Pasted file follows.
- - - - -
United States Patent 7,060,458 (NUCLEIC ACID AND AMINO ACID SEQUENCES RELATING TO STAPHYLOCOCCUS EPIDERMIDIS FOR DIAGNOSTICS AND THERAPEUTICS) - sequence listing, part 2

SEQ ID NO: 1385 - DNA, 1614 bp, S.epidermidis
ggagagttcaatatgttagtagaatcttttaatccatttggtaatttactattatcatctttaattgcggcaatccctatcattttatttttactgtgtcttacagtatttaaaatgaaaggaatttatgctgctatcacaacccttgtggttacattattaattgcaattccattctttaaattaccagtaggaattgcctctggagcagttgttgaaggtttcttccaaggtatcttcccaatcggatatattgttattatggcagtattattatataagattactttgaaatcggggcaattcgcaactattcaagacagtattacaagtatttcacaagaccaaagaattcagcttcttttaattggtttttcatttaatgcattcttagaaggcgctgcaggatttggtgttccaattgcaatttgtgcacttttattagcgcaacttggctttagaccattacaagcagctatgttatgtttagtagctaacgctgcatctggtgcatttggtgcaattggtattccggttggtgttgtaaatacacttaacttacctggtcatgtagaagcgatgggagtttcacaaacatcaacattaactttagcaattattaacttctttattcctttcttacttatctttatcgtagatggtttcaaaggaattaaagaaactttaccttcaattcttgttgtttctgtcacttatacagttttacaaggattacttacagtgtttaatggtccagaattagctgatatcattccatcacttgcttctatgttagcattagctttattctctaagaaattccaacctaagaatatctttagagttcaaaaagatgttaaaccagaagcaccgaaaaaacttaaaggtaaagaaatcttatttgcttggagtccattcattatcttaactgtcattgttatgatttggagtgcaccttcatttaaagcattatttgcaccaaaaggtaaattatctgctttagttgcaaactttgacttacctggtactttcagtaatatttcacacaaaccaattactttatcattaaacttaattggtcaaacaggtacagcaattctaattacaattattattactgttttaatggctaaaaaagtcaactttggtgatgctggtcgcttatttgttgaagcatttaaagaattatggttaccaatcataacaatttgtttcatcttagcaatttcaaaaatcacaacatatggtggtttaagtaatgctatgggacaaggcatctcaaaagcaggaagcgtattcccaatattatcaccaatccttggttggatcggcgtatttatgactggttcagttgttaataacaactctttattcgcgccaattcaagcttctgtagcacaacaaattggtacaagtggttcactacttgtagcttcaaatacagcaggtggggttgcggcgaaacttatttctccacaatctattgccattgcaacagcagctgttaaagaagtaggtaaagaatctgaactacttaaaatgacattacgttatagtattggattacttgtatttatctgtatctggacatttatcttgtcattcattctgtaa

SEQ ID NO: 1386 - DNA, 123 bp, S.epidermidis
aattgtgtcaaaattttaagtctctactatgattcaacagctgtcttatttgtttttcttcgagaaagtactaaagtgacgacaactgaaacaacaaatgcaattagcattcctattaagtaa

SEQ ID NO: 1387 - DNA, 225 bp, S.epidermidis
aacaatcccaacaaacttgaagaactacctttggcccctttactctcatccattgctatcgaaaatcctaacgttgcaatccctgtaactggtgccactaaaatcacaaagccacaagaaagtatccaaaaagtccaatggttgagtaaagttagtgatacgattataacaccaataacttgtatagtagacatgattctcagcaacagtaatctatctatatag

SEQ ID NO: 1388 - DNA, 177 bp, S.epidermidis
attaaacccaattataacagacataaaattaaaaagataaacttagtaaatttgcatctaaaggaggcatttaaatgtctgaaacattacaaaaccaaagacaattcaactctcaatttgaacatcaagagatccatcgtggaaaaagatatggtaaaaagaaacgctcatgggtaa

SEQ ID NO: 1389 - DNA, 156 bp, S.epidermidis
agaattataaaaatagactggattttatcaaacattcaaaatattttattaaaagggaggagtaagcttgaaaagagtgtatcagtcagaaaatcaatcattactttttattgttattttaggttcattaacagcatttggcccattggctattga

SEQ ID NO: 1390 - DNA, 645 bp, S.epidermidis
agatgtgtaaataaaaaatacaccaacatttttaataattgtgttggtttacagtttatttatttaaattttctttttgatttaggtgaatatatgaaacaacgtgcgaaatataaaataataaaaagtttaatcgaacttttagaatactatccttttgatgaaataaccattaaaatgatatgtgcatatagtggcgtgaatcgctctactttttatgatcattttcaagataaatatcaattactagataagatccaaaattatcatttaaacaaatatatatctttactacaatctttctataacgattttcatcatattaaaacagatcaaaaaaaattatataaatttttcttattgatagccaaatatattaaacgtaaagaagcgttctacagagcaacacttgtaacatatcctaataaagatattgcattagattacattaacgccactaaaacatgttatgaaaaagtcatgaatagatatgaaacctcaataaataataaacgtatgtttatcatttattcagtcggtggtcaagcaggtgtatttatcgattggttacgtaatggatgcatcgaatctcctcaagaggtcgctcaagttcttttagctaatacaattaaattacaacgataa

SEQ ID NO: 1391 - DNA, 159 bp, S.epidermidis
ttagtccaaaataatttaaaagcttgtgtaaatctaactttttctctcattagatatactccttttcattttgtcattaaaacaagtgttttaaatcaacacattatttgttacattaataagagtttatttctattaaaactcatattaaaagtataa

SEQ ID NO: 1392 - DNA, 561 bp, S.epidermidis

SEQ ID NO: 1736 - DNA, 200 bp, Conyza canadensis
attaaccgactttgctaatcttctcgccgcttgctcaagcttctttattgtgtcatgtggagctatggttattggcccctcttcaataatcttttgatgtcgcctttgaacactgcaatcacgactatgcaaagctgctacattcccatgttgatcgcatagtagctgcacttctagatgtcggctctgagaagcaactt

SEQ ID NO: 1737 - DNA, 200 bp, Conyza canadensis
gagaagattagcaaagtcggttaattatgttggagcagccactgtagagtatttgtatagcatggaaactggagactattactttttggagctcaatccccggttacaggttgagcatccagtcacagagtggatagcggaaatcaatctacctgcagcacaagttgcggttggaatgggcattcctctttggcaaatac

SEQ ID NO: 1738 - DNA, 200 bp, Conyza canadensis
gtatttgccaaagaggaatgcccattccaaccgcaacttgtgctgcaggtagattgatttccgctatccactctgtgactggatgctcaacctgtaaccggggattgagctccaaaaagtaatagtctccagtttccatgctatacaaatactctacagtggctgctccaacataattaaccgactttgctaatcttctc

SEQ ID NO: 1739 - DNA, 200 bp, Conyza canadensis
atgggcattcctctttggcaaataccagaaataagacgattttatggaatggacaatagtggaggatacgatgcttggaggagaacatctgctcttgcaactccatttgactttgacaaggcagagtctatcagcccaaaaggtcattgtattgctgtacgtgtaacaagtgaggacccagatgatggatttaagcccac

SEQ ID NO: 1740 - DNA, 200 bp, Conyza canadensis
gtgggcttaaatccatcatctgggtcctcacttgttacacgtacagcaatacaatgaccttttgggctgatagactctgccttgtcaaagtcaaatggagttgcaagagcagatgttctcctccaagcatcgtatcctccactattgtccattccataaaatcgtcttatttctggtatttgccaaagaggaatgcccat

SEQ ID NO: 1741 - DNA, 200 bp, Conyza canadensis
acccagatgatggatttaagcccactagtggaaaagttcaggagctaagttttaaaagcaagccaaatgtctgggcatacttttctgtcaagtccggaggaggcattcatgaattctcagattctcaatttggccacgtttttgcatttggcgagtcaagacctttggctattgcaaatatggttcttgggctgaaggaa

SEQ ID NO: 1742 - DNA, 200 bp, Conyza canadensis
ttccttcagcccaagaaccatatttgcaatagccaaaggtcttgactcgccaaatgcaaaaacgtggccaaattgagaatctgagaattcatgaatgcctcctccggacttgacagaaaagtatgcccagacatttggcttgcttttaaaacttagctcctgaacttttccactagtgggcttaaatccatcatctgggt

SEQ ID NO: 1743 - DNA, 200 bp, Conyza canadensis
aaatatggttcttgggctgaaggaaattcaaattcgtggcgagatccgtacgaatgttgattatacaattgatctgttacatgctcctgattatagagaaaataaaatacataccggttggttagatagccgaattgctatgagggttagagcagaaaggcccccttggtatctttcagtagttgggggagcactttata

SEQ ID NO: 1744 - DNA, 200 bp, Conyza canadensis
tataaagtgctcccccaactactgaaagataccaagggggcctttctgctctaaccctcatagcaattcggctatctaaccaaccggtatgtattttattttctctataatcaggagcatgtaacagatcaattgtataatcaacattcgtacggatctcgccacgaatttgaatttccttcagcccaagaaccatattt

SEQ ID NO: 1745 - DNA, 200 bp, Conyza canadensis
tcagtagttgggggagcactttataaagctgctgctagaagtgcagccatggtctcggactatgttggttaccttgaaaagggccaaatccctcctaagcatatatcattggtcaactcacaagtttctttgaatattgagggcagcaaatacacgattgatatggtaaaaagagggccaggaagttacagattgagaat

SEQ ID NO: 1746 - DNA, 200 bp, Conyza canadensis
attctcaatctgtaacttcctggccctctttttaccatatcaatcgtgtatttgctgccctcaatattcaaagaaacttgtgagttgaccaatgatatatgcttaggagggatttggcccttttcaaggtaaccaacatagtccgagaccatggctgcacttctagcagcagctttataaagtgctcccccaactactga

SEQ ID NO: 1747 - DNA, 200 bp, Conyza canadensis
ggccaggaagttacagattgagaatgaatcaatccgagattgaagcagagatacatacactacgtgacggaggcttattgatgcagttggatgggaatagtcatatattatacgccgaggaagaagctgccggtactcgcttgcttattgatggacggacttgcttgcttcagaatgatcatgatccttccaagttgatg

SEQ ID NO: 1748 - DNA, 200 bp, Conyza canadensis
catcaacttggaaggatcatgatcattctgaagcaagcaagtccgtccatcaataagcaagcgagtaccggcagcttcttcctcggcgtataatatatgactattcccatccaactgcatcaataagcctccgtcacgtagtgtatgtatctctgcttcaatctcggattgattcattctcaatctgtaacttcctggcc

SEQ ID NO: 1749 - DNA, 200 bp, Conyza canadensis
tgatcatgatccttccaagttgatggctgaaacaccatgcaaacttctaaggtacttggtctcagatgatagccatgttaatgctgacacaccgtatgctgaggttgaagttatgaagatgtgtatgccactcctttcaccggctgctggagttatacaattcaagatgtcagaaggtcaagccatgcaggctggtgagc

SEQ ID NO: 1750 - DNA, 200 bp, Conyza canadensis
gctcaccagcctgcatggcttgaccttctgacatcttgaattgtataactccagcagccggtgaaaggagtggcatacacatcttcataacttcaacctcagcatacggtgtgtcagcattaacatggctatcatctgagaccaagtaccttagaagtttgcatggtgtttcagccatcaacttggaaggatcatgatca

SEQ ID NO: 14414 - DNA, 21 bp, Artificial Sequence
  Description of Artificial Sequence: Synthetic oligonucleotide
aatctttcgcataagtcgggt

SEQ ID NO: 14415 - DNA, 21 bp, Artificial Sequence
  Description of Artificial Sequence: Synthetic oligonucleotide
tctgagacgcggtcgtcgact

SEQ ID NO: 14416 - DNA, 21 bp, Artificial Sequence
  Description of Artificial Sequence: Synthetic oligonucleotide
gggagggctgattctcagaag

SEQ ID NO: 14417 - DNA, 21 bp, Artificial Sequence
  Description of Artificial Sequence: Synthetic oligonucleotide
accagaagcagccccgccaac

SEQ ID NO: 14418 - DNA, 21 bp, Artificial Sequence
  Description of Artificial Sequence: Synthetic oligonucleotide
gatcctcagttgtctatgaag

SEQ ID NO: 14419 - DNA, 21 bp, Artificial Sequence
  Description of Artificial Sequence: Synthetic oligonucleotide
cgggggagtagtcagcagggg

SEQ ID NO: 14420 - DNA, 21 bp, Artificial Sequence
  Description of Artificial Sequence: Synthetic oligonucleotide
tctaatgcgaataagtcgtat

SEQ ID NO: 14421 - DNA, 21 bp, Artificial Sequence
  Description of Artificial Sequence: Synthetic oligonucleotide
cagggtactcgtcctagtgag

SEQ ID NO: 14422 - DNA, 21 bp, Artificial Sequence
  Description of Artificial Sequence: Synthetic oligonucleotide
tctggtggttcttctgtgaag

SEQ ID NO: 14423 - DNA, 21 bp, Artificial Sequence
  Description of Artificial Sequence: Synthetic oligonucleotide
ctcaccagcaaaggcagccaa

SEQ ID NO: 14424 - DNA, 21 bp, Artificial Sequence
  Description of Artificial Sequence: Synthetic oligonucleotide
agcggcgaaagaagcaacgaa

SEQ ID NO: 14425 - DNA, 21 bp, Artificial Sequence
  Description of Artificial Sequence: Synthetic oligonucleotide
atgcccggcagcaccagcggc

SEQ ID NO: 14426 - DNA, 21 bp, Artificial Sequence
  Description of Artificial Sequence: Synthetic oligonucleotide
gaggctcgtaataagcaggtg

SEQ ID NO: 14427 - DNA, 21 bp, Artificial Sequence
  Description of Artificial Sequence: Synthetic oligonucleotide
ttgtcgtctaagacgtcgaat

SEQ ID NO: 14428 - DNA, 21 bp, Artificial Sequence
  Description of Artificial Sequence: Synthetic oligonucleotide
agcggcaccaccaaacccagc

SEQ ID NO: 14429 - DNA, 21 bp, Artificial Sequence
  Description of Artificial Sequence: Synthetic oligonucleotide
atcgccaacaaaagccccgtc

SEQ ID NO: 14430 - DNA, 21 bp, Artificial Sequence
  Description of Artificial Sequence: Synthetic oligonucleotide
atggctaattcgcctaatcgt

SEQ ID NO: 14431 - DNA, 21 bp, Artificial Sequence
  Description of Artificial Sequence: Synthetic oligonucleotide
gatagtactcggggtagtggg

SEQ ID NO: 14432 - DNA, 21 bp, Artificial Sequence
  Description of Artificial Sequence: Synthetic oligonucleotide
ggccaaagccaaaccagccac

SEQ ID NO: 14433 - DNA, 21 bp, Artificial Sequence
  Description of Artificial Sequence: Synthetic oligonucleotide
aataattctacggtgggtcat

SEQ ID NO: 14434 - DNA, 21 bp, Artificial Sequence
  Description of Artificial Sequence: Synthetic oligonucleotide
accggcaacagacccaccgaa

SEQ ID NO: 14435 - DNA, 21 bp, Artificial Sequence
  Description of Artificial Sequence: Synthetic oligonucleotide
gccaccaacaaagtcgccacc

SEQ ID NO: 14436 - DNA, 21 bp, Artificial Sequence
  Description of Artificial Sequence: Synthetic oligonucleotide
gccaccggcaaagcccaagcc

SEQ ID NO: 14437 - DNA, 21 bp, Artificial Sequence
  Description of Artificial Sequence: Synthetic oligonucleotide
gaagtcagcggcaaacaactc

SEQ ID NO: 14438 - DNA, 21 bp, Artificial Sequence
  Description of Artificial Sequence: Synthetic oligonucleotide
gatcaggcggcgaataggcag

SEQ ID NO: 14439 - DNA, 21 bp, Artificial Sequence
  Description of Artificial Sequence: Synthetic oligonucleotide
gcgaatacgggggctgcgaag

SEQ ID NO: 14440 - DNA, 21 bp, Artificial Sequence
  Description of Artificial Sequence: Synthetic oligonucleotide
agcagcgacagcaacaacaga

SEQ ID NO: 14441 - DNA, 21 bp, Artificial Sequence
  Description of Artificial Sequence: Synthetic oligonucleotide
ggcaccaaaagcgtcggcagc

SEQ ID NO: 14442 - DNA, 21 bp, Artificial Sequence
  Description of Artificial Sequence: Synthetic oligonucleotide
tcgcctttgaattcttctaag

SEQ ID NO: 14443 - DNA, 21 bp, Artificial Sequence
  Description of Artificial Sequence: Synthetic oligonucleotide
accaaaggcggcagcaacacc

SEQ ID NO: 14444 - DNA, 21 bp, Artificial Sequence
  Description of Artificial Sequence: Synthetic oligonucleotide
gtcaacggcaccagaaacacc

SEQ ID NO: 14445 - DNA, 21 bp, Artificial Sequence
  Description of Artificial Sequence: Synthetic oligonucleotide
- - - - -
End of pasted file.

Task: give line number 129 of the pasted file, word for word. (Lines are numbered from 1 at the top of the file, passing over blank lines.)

  Description of Artificial Sequence: Synthetic oligonucleotide